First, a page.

The main reason is that I am embarrassingly immature.
I don't use twitter to express myself, I use it to give vent to my moronic impulses. If I start using it for reviews, it is going to be about fifteen minutes before I spend all day thinking up ways to insult people by changing a word in the title of their show into a swearword.
If you really want a world where King Smear or Mouse: The Persistance of a Wanker count as critique, go ahead.
I use twitter to beg for chocolate biscuits, promote my ego and ask my co-workers for help. While I'm on the topic: Annie, I've soiled my desk again.
More trenchantly, when I go and see a play, I try to remember that real humans spent time on creating it. I might not be impressed, but I'll do you the honour of giving it a proper kicking, in detail. A tweet is not really taking art seriously, is it?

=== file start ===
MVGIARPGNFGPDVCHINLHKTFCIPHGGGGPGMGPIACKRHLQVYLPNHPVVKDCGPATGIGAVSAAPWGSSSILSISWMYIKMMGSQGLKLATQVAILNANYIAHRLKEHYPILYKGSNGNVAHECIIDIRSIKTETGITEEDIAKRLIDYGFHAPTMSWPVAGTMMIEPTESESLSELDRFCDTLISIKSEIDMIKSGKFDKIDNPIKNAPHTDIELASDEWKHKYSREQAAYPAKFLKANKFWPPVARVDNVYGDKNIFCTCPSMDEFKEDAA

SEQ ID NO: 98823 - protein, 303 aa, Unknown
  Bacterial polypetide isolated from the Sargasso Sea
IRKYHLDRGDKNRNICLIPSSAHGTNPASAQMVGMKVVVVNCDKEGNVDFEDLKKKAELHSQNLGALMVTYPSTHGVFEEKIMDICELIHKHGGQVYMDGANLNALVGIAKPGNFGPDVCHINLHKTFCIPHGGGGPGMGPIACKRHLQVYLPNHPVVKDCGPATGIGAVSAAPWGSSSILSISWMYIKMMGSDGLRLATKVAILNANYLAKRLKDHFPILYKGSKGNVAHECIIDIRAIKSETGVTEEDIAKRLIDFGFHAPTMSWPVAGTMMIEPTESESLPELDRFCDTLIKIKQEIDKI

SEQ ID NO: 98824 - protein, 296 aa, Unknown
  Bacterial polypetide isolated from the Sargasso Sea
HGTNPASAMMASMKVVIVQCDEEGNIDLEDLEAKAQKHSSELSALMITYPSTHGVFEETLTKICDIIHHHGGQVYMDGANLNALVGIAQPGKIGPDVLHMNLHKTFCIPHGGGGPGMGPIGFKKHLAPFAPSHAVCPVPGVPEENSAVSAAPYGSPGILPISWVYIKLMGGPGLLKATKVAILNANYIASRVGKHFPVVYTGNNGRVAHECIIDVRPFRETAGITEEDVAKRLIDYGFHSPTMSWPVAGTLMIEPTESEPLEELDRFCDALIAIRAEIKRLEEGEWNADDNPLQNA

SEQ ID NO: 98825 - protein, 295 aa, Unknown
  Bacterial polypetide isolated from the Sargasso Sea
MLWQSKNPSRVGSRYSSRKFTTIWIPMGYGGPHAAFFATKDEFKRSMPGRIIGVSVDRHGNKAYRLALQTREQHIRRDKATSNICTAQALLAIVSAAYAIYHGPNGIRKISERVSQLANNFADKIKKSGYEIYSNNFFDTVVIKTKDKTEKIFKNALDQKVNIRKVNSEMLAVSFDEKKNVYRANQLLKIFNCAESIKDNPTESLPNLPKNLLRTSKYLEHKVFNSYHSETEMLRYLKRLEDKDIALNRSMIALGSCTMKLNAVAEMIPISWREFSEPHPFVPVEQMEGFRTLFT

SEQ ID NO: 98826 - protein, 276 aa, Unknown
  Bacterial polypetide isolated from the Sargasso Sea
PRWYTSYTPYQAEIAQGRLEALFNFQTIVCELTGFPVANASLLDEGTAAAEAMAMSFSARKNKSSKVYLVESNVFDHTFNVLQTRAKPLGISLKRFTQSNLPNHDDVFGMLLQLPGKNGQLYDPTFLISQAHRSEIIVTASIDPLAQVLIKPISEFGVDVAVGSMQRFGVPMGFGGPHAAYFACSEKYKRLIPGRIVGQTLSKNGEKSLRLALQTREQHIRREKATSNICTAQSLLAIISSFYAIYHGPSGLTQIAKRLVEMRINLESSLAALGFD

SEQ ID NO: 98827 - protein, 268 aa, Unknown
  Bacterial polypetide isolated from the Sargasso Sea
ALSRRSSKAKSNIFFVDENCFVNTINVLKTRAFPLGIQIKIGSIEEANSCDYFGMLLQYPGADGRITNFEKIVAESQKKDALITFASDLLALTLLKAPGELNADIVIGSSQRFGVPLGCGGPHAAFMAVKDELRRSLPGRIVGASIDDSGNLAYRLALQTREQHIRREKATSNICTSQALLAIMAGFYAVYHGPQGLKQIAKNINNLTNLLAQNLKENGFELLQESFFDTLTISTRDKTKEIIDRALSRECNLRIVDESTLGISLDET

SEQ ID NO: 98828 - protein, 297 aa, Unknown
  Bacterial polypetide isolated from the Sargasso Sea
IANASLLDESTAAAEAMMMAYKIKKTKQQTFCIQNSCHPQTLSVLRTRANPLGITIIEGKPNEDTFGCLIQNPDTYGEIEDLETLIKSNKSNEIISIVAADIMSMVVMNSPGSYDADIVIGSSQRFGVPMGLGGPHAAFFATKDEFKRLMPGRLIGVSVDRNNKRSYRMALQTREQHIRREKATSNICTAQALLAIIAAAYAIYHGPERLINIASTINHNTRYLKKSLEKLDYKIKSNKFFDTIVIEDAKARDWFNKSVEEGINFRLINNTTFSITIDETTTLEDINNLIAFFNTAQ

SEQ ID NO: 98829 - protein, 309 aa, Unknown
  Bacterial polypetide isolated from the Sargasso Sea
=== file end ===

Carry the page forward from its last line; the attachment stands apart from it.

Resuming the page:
In good conscience, I can't reduce my opinions to 140 characters. When I'm not being asked to go and work in another room or turning up in press offices to show off, I'm moaning about how public discussion is being reduced to sound bites. I'm not adding to that.
Besides, I want people to come to my blog, or The List, and read my idiocy. It's not so much that I have a unique vision, more that I like watching the hits go up on the little graph. I mean, it's very gratifying to know that I have poked enough at a fellow critic to get him to patronise me, but it's not the same as hitting a thousand views before I've woken up.
Seriously, that is an erotic thrill.
Actually, I had better go and check that I haven't done reviews on twitter in the past. That's be like me: last week, I thought it was revolutionary. Someone else does it, I'm like, that's so lame. Annie, will you change my password so I'm off i until September?